The New Mexico Human Rights Commission is fining a husband-wife team of Christian photographers $6000 dollars for refusing to photograph a lesbian commitment ceremony. Read the full article if you want more background on this case. There are a couple of blog posts that touch on the subject at MarioBurgers and ThomasHawk. If you read the posts and comments, the opinions of the readers and authors seem to be split into two issues and three sides. Discrimination vs. Freedom of Choice from the angle of Christians, Gay Rights Activists and Business Owners. What immediately struck me is the rights (or lack of in this case) that a business owner has in refusing projects.
Religion vs. Gay Rights In This Case
In my interpretation of this case without knowing either party, it seems to have turned into playground mud-slinging between Christians and Gay Rights Activists. It’s obviously about someone who was disgruntled because they were refused service and that service provider may be hiding behind their religious convictions. This is NOT what I want to discuss here, nor do I want this to turn into a reincarnation of the situation. If it does, I’m going to whack you in the back of the head with Skeptic Magazine!
Freedom of Choice for Business
What I do want to touch on is the rights of a business to refuse the work requested from them. Should a business have this right? Thomas Hawk has used McDonalds as an analogy to provoke thought on the subject and to illustrate discrimination.
Should McDonalds be allowed to only serve white people if they wanted to?
I personally don’t think that’s a fair comparison. His example is an obvious civil rights issue and what he refers to is a simple product based business model. Common sense as a business owner should come into play in cases like that. What we have here is two people conducting a service based business. Some may think of photography as a product, but in all actuality the process of creating is more of a service with a end result which may be a product, digital or tangible. This holds true for web developers, designers, artists, ad agencies, etc. After the service process, there’s usually an extended relationship in negotiating rights, reviewing images and ordering prints and albums. After completion of the project there is usually a request for reprints, more rights negotiation and ultimately repeat business.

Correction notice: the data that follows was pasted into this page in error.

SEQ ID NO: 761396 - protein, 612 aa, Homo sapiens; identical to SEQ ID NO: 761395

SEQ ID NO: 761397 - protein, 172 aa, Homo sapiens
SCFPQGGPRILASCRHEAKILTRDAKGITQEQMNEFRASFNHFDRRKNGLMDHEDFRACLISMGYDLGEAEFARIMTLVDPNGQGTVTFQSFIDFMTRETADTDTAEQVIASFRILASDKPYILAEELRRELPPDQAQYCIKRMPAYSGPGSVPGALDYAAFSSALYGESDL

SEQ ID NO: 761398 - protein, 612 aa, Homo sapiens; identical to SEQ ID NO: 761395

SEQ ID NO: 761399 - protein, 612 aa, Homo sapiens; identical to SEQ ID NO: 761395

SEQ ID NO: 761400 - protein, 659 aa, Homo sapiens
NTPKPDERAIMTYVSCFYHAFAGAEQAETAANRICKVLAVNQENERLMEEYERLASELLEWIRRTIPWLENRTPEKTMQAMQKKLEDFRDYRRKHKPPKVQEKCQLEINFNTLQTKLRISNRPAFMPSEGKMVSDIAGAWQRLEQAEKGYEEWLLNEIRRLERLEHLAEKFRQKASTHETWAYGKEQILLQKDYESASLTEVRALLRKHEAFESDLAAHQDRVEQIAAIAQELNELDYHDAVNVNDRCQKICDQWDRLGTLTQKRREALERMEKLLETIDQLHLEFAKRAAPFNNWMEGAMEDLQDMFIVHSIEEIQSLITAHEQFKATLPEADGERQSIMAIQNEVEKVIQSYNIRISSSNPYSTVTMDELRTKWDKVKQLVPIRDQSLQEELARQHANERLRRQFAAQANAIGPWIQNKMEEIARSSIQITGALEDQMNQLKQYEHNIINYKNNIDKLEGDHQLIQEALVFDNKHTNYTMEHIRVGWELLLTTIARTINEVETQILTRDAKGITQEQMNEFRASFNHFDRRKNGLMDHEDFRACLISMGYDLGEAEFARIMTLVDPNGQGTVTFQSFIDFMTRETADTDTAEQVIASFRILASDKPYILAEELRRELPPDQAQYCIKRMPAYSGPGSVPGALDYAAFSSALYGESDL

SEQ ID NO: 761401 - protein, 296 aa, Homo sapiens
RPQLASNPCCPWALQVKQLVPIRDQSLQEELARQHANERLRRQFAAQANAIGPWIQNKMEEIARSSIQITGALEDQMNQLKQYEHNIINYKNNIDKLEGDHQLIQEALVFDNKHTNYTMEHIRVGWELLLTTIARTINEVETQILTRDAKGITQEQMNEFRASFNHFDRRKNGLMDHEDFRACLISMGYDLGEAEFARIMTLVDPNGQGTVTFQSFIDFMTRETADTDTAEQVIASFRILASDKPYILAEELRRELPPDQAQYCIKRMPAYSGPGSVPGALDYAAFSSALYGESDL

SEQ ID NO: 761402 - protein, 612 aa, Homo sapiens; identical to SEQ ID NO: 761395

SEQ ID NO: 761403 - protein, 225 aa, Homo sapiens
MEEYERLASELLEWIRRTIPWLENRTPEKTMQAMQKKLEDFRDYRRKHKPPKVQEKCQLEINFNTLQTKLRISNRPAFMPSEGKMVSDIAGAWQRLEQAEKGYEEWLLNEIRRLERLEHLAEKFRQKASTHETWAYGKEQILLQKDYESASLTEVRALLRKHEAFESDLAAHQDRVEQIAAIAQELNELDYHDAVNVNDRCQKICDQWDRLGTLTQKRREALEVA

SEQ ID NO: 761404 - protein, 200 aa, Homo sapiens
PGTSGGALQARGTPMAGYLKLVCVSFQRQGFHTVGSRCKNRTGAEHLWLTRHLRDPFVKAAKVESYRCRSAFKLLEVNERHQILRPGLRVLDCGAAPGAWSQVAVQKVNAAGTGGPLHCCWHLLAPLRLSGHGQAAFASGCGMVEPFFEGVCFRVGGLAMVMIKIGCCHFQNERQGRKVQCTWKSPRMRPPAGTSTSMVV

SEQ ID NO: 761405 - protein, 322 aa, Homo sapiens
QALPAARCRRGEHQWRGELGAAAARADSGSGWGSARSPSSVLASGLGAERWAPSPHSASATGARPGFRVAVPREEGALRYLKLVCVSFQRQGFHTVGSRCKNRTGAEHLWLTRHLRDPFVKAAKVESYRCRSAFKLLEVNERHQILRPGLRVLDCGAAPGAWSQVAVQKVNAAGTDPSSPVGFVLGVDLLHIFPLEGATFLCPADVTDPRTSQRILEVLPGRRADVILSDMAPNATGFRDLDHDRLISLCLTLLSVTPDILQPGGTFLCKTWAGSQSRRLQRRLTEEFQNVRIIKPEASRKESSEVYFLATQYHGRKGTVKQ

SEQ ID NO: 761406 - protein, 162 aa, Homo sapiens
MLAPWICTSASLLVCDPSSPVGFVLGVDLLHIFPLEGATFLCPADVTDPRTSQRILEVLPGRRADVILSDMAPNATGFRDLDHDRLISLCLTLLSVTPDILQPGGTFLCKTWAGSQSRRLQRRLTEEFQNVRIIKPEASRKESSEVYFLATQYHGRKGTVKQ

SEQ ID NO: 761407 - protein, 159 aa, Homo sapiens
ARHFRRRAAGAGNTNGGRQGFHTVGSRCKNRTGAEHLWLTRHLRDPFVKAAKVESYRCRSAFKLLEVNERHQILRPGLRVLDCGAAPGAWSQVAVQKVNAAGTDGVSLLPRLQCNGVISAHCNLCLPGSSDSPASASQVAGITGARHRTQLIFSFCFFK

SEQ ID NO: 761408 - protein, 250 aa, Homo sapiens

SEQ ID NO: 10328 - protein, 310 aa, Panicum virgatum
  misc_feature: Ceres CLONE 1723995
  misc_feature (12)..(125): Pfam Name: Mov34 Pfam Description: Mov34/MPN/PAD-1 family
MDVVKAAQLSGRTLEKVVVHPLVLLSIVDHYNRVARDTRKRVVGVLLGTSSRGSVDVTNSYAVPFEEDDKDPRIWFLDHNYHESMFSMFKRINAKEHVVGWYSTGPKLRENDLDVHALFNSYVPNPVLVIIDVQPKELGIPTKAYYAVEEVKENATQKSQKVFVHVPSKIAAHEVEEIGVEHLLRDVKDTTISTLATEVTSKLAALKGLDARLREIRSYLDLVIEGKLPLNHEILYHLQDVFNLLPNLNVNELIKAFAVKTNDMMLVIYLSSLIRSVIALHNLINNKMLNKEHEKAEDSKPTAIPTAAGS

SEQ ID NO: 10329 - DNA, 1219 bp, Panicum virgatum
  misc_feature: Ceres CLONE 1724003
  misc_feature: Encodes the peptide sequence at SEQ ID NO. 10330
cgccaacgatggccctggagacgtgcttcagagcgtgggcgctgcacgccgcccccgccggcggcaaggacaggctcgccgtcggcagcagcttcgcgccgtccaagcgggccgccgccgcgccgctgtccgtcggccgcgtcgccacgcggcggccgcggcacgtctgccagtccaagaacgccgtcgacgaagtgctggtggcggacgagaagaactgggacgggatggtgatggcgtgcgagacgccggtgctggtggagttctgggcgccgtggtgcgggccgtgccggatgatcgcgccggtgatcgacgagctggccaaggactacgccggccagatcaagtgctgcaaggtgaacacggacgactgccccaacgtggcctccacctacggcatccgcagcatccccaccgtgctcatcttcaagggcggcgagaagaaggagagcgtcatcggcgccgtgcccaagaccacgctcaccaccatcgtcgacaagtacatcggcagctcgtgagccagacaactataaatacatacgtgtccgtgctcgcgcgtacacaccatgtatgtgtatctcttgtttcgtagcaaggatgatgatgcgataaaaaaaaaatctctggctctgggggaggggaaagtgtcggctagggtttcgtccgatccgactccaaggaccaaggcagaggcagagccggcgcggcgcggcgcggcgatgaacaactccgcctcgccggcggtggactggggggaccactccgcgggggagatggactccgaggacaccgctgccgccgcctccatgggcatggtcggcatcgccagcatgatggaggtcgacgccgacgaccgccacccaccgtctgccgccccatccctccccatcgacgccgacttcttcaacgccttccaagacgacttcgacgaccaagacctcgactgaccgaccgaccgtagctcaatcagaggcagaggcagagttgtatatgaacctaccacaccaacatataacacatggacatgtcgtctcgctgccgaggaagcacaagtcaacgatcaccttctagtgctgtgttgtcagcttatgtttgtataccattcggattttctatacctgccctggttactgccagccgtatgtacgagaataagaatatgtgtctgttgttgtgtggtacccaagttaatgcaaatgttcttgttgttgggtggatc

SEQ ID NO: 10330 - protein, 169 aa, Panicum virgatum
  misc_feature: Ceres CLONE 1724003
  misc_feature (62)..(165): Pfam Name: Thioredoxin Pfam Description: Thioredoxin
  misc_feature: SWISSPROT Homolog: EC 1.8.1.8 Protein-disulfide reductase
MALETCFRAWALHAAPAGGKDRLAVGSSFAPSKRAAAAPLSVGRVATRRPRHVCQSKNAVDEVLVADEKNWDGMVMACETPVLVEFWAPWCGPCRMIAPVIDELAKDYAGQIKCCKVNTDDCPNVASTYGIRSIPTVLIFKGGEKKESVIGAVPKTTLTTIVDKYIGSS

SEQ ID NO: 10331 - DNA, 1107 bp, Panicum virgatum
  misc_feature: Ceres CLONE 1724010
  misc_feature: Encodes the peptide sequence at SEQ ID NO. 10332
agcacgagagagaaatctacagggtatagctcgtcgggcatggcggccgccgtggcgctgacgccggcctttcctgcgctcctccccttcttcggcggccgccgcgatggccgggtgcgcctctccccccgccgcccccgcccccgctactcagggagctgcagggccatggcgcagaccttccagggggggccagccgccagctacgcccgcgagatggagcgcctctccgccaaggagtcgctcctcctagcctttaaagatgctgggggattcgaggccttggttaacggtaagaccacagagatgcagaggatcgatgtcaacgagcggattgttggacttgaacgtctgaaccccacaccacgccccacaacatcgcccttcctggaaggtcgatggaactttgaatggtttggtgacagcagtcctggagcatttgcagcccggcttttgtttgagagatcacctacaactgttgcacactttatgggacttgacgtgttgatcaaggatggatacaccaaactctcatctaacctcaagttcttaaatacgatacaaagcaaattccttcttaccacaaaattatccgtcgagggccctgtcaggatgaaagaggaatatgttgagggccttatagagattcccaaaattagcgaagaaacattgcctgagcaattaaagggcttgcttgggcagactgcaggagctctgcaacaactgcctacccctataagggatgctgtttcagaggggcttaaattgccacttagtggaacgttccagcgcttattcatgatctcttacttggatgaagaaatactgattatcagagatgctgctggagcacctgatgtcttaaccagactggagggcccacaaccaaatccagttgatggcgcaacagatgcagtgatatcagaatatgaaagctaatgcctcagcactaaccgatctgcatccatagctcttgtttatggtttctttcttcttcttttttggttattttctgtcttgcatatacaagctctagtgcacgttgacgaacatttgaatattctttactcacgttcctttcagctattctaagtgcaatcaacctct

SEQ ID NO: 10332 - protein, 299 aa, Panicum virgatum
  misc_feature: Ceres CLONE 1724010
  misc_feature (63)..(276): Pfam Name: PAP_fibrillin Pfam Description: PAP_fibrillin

Most service based business require a much more intimate relationship with the client and one that may be used as an example of the quality and type of work as well as the clientele they choose to work with. I’m sure most web developers and designers, myself included, have been asked if they would develop a site for someone in the porn industry. I myself, without thought, turn the projects down for obvious reasons. However, if a project with that scope was accepted, and other existing or potential clients were aware, I’m sure there would be some loss of business from the industries I will do work and in some cases a loss of existing clients.
The ultimate question is, should the government and courts dictate who I choose to do business with? Absolutely not. That’s one of the luxuries of being self employed. I choose the work I’m comfortable with on a basis of project scope and if it will be good for future business. I often ask myself, do I want this kind of work in my portfolio? Will this client be hard to get along with? Is there any conflict in moral and ethical beliefs? Does this client and project fit into my chosen target market? Is this client an honest person and will I have problems with him/her in the future? I don’t want the courts asking these questions for me.